The revolution won't be blogged, but it will be online.
The revolution won't be blogged, but it will be online.In June, 2005, political bloggers in the U.S. were riding high. They weren't able to get Howard Dean into the White House, but they did help make him head of the Democratic Party. Liberal bloggers claimed the scalp of former Senate Majority Leader Trent Lott (since regrown); conservative bloggers basked in the warm glow of "Rathergate," which brought down Dan Rather for his ignorance of the finer points of typesetting.With such political power at the "netroots" level in the U.S., surely it was only a matter of time before bloggers showed their international strength, challenging repressive regimes abroad. The smart money for a web-led upheaval was on Iran, where more than 70,000 Iranian bloggers were discussing politics and personal life with furious intensity.In the last election, Dr. Mostafa Moeen, the reformist candidate for president, had the backing of many Iranian bloggers. Reading Iranian blogs-especially those written in both Farsi and English-could easily give the impression that Moeen was the front-runner, and that Iran was headed toward an era of progressive politics led by the power of free online speech. Alas, Moeen's poor showing and the victory of the conservative Mahmoud Ahmadinejad were reminders that the effect of internet tools on real-world politics is more complicated than American cyber-optimism might suggest. Simply being able to speak freely online isn't a sufficient precondition for political change.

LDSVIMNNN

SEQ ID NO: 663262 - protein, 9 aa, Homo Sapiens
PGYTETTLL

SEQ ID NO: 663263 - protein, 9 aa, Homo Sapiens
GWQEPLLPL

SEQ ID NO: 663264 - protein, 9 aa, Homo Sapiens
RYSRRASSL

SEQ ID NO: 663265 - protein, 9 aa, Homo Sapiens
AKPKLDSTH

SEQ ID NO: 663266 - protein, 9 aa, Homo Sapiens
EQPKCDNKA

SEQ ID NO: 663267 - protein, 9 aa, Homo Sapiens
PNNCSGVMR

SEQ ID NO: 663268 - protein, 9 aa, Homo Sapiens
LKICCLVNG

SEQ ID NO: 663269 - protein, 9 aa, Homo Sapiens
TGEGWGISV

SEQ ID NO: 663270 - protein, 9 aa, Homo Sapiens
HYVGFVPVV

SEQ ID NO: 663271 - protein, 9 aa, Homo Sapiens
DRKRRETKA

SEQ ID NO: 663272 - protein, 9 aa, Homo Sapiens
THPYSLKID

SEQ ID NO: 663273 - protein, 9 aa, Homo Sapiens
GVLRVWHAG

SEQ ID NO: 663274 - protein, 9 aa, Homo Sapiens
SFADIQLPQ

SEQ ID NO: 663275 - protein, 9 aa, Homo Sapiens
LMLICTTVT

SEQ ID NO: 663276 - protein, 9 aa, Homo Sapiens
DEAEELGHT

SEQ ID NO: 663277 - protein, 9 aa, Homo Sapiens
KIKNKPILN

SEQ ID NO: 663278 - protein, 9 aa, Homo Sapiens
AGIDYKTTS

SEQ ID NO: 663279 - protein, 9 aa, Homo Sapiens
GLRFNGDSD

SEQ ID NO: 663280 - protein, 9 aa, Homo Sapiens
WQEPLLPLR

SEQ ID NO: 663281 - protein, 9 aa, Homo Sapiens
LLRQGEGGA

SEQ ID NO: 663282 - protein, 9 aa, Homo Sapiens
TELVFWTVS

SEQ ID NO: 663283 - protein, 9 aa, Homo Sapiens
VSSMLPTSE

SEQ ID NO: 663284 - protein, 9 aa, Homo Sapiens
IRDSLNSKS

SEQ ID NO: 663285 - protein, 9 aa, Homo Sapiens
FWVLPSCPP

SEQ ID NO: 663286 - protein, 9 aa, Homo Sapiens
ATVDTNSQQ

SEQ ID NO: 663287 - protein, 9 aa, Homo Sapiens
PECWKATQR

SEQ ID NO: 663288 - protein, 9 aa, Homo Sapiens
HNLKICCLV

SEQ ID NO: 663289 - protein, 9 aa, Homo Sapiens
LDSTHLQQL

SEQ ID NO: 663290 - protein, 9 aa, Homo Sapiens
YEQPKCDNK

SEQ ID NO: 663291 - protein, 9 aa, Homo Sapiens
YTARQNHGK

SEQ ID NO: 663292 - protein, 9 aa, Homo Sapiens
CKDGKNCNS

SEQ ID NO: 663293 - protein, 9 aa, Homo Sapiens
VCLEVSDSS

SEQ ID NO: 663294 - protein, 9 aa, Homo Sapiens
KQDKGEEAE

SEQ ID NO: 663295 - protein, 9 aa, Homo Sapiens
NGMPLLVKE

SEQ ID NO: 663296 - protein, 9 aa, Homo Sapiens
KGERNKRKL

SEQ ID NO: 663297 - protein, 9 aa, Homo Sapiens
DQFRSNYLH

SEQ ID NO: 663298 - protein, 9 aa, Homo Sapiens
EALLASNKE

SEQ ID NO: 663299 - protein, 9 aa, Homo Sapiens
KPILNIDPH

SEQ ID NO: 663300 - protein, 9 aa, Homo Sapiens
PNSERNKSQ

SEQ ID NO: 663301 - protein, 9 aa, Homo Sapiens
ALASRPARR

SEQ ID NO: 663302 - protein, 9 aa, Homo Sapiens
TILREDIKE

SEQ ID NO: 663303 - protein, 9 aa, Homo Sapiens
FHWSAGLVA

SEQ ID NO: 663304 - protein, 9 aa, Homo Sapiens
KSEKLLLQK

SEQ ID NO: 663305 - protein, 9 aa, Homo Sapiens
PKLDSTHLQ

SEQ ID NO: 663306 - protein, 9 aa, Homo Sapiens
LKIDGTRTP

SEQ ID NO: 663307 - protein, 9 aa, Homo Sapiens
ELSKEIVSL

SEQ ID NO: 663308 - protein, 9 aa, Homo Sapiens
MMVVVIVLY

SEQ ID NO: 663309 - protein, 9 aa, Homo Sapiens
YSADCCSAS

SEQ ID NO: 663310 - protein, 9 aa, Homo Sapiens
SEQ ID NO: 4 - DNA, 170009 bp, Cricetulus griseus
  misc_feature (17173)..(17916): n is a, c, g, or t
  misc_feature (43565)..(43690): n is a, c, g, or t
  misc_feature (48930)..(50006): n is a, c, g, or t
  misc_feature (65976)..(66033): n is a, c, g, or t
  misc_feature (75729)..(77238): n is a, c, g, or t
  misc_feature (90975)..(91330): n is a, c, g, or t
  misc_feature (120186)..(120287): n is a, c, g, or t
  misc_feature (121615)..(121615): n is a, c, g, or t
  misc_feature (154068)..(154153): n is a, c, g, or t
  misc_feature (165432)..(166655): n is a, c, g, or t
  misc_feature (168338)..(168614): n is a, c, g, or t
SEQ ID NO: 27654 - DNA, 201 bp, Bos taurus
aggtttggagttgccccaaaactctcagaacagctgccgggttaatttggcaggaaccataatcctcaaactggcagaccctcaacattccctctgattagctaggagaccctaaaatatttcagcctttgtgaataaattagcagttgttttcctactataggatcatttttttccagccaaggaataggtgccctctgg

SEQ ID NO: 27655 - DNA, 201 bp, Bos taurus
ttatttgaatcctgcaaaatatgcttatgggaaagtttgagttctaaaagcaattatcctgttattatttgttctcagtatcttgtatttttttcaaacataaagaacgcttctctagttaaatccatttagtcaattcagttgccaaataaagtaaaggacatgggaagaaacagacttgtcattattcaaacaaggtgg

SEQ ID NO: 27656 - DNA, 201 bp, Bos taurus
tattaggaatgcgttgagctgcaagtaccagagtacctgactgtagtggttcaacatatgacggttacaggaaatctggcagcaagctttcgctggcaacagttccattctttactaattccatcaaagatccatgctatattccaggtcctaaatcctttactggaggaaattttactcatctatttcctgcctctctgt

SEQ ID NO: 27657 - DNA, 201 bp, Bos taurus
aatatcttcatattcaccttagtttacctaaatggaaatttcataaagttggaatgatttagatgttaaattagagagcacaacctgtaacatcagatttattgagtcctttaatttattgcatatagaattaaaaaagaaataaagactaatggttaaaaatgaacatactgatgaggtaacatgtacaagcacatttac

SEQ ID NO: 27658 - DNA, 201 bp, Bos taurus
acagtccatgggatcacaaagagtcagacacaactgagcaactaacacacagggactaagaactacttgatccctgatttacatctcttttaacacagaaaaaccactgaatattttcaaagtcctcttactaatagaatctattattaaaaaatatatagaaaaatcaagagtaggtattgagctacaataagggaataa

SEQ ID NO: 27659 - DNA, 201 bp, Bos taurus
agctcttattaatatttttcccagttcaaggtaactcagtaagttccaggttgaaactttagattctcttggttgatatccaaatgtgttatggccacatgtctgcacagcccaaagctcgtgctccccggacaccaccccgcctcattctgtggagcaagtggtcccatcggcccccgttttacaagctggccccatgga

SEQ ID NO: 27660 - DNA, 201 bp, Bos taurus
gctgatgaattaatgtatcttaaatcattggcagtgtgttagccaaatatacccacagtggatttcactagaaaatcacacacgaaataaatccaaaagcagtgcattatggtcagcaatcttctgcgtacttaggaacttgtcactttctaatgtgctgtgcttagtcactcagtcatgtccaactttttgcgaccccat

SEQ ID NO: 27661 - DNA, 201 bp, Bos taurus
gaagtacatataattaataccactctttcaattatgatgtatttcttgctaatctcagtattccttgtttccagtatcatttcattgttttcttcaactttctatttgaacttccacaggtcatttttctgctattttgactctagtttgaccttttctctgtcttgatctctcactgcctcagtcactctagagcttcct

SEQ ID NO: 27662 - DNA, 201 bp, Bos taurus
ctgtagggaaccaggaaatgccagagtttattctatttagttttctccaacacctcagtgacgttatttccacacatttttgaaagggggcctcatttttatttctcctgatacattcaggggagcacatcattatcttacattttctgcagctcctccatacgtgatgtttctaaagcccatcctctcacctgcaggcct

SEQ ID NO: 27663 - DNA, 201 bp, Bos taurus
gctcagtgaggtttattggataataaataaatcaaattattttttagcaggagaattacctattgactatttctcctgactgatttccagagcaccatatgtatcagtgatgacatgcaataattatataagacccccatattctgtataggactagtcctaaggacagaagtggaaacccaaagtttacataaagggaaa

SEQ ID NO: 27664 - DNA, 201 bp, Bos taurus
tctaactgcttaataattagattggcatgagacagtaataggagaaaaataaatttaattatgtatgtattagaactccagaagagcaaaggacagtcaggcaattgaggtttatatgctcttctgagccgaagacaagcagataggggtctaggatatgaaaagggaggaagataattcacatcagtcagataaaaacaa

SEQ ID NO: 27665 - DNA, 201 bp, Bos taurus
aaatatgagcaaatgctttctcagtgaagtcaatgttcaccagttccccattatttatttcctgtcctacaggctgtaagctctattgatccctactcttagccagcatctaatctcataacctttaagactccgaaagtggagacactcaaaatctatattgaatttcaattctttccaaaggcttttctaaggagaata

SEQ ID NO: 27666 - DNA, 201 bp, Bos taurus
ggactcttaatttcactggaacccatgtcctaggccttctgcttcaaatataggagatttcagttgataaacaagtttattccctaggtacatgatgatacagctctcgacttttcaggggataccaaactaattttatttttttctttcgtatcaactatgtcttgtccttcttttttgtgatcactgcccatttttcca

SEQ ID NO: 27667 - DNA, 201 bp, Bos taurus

|The efforts in Kenya and Bahrain haven't topped a government or ended a politician's career ... yet.|